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The Aluminum Group is gay. I say that not because the “gay brothers,” as Stereolab’s Laetitia Sadier calls Aluminum Group bandleaders Frank and John Navin, are homosexual. I say it because, like Quentin Crisp or the Pet Shop Boys, the Aluminum Group secretes all the pheromones of intellectual gayness. The Navin brothers are smart, sassy, charming, witty, literate, handsome, arty, and fashionable. The Aluminum Group is named after a Charles and Ray Eames furniture line, and the boys love their Prada wear. They present themselves as stars, even if you’ve never heard of them—and, to judge from the next-to-nil attendance at the Aluminum Group’s last D.C. show, at the ill-fated Garage, not many of you have. And it’s safe to assume that Pelo, the group’s difficult fourth album, won’t change that.

The Chicago-based Navins have played in bands for nearly 20 years, beginning with the punk group Women in Love in 1982. They formed the Aluminum Group in 1989. The band’s 1995 debut, Wonder Boy (reissued in 1999 with 10 bonus tracks as Wonder Boy Plus), is a smooth marriage of classic songwriters like Lerner and Loewe—their “Loverly” is covered—and ’80s New Wave. If you think this sounds like the Magnetic Fields, you’re right. But whereas Stephin Merritt’s singing voice is like that of a gassy bullfrog, the Navins sound like Spandau Ballet’s Tony Hadley: deep, dreamy, and suave. And although the Navins’ lyrics aren’t as consistently memorable as Merritt’s, the brothers do have a deeply intelligent, humorous, poison-pen style that Magnetic Fields fans should appreciate.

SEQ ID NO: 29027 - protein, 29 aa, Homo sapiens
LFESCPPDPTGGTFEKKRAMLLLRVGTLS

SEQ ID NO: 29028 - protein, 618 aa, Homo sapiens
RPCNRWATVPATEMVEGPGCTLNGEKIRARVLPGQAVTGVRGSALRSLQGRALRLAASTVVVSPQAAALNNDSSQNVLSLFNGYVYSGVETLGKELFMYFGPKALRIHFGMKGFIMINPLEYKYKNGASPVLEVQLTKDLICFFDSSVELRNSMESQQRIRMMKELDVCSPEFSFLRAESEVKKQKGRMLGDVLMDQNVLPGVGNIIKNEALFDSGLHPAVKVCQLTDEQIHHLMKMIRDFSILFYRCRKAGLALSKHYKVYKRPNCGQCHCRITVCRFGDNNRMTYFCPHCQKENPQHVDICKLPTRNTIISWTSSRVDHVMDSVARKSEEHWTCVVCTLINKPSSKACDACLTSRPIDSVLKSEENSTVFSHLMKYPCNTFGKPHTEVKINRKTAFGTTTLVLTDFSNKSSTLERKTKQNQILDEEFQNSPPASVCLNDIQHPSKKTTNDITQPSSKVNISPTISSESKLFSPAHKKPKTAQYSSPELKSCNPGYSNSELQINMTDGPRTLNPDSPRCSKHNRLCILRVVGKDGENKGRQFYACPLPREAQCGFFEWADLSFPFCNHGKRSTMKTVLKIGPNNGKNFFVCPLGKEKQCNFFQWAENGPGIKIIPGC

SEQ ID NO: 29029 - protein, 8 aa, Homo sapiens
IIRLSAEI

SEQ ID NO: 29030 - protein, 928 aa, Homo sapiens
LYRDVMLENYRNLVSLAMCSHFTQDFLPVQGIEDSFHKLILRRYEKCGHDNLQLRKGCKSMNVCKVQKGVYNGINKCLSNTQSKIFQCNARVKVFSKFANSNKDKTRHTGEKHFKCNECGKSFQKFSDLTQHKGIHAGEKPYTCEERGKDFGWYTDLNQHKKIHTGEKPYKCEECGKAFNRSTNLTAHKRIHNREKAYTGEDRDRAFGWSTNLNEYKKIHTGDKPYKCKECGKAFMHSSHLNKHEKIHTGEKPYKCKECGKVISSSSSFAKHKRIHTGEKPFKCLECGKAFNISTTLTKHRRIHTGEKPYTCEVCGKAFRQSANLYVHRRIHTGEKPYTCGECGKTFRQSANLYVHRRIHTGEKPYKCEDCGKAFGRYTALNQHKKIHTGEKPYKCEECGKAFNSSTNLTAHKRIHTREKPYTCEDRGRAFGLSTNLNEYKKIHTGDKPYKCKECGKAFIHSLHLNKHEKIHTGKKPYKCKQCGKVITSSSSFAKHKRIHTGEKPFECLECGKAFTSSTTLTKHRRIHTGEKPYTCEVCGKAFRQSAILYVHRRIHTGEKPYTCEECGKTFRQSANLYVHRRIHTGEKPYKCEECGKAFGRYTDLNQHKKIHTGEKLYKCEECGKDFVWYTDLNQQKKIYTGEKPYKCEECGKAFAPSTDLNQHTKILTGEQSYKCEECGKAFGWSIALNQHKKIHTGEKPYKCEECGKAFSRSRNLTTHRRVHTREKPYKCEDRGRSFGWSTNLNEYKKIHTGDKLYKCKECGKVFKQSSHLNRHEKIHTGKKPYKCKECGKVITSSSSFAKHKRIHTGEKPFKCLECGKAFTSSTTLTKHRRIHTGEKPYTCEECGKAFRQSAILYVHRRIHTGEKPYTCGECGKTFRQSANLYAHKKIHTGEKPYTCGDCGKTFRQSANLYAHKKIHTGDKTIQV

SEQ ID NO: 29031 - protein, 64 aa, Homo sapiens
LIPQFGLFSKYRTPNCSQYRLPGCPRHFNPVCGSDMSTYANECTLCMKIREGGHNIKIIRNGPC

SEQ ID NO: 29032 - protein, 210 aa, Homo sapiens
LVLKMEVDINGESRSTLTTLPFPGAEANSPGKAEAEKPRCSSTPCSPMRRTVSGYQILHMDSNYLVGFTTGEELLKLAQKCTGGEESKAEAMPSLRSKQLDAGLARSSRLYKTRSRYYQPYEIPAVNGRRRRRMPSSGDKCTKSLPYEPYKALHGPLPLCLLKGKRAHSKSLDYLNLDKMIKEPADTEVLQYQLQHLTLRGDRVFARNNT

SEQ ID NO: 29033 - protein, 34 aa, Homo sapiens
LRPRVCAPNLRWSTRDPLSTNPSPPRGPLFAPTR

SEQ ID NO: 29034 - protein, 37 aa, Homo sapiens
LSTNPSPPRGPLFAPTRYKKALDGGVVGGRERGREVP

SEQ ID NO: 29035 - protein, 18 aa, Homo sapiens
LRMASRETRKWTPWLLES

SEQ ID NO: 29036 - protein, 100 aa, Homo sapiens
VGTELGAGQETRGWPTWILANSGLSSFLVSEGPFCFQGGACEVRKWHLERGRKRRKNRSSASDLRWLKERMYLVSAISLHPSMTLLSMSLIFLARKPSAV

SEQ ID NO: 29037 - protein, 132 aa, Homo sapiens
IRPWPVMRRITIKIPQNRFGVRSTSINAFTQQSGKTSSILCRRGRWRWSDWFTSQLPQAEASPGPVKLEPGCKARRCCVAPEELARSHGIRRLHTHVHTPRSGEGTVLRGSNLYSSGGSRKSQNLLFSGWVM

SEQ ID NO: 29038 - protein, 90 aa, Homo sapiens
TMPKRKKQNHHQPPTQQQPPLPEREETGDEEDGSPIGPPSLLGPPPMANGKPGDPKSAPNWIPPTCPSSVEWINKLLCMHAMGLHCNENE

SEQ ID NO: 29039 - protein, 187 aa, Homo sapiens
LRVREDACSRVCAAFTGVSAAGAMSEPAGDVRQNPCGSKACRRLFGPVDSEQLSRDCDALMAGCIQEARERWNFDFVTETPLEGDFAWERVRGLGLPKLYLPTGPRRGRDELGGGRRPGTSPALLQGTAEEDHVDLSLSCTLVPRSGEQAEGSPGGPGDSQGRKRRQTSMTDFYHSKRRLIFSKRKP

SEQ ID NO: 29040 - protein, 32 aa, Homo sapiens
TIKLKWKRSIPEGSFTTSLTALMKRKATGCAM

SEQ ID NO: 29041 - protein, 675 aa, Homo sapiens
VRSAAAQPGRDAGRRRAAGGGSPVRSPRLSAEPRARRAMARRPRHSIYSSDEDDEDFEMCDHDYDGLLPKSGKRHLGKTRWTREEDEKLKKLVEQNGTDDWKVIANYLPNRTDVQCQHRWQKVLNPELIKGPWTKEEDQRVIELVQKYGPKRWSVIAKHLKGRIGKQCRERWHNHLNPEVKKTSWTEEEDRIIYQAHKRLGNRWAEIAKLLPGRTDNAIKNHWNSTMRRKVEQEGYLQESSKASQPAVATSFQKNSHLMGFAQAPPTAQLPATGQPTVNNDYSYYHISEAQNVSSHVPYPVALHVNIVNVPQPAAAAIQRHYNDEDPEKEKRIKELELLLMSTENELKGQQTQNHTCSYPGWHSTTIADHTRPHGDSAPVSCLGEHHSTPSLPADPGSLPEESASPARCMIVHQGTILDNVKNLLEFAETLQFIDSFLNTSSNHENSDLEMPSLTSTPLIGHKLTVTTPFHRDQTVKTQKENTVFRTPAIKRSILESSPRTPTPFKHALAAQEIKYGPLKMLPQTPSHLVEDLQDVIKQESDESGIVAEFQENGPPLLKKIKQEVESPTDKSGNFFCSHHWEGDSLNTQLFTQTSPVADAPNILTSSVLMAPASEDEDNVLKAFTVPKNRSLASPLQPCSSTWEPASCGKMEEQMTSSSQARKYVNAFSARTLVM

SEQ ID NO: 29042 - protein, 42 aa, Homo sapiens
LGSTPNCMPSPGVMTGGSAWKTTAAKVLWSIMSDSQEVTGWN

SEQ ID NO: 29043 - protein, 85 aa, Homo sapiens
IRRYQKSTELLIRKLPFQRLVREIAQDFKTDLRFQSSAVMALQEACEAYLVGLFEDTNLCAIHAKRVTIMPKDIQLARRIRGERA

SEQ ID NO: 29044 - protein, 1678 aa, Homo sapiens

In 1998, the Aluminum Group released Plano, an album very similar in spirit to Wonder Boy. (The two discs even share some songs, like the clever “Chocolates”: “Am I bringing you down/When I’m bringing you candy?”) The CD came out on the heels of a minitrend—chamber pop—spearheaded by such where-are-they-nows as Tindersticks and Eric Matthews. But it didn’t break through with the indie crowd, perhaps because it’s far too professional and adult-sounding for the average slop-lovin’ twee kid. Or perhaps because the Navins’ love of saccharine-sweet ’70s pop radio—the Carpenters, Burt Bacharach, Jimmy Webb—is as much in evidence on the disc as New Wave.

Pedals, the Aluminum Group’s 1999 release, found the group under the spell of post-rock producer Jim O’Rourke. O’Rourke extended the Navins’ lounge-pop into the realm of such studiocentric post-rock gearheads as Tortoise (whose Doug McCombs contributed bass) and the High Llamas (whose Sean O’Hagan added banjo). But for the most part, Pedals still sounds like the Aluminum Group: lyrics out front, plenty of vocal harmonies, and jazzy acoustic-guitar chords accompanied by gentle keyboard squiggles.